When was the last time you perused your local section of whiskey? Of over one hundred brands available for purchase 95% of what’s available comes from one of 13 distilleries owed by only eight companies. This is not the landscape of our forefathers who used whiskey as not just a drink but also as currency, rebellion and a means to reduce waste. Reid Mitenbuler addresses these realities of whiskey and it’s foundation within American history in his first novel Bourbon Empire.
What resonated with me in Bourbon Empire was the author’s sense of disappointment and pointed criticism in the appropriated history of America’s native spirit. Current marketing claims attempt to define those who were “first” in terms of creation and technique in addition to methodology and early conception. They tell tall tales of established processes that make their “unique” whiskey flavor. But, per Mitenbuler, there is no documentation available to support this. He warns not to believe the origin claims of boutique bottles stemming from one of the big 13.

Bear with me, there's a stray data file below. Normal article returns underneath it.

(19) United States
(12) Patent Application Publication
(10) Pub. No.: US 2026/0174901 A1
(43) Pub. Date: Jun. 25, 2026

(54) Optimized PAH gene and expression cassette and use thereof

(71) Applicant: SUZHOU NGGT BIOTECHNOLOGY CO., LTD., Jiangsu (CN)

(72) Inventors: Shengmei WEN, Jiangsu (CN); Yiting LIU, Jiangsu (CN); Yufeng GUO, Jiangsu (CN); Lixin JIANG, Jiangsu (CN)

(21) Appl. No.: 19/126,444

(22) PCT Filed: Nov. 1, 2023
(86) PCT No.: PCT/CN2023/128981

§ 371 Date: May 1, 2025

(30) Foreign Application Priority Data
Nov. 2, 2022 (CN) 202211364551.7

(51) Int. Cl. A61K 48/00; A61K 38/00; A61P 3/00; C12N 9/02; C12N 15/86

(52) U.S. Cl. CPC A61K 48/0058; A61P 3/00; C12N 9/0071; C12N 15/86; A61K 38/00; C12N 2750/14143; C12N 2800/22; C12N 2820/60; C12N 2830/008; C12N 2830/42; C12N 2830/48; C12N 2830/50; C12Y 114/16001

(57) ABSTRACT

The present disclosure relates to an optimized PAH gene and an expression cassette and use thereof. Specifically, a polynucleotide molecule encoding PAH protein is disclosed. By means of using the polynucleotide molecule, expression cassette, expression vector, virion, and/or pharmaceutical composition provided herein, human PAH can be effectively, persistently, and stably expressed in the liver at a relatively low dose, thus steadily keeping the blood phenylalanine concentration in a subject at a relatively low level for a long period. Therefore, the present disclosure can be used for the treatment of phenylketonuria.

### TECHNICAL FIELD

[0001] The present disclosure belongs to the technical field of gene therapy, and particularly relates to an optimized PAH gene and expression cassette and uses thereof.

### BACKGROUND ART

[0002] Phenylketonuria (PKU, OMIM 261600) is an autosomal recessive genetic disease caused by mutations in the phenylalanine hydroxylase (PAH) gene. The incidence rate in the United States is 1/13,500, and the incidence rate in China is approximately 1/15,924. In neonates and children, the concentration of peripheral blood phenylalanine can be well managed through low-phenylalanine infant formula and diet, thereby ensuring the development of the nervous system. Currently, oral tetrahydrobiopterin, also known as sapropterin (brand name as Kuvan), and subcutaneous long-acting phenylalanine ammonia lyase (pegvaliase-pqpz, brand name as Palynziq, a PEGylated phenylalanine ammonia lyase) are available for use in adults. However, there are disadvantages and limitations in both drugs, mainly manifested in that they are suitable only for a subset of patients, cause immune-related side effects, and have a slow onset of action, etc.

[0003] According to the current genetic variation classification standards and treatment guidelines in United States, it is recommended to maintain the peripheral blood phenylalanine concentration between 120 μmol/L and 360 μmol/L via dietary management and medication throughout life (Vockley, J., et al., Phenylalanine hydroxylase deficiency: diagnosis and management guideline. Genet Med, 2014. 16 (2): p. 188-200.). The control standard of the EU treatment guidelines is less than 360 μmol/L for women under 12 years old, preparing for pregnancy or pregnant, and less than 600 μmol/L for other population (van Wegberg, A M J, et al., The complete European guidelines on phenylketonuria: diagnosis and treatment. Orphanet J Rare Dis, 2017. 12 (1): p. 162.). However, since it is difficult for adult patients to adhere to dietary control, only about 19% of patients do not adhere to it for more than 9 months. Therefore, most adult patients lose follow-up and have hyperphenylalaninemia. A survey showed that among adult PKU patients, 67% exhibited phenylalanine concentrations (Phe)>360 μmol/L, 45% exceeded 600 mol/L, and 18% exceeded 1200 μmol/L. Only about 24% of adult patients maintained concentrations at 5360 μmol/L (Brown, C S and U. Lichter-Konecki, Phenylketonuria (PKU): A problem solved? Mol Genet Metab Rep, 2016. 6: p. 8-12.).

Additionally, the rating of not just whiskey but also wine and other spirits are skewed in favor of good press or reciprocity. If there is no bad whiskey, how do you know what’s good as a consumer? But I suppose we have to be thankful for what we have. “Good” is something we earned over time. Early whiskey was aged artificially and sold direct to consumers after creation. There was no layering of flavors, or savoring with age. By comparison, we may still have it pretty good with “bad” whiskey.
Mitenbuler also spends much of him time lecturing on the history of our American forefathers and the importance of whiskey in our development. He circles each of his anecdotes with it’s relationship to today’s market. I worry this will alienate the general reader with no background in spirits let alone whiskey. It sometimes felt too much like a history lesson and less the informative companion it’s made to be. I appreciated the whiskey backbone of early America, but I, too, occasionally felt put off by it. It’s hard to say if Mitenbuler is looking to bring the casual drinker into the fold of his Bourbon Empire, or if he’s trying to cater to the pre-established fan club spread across the world.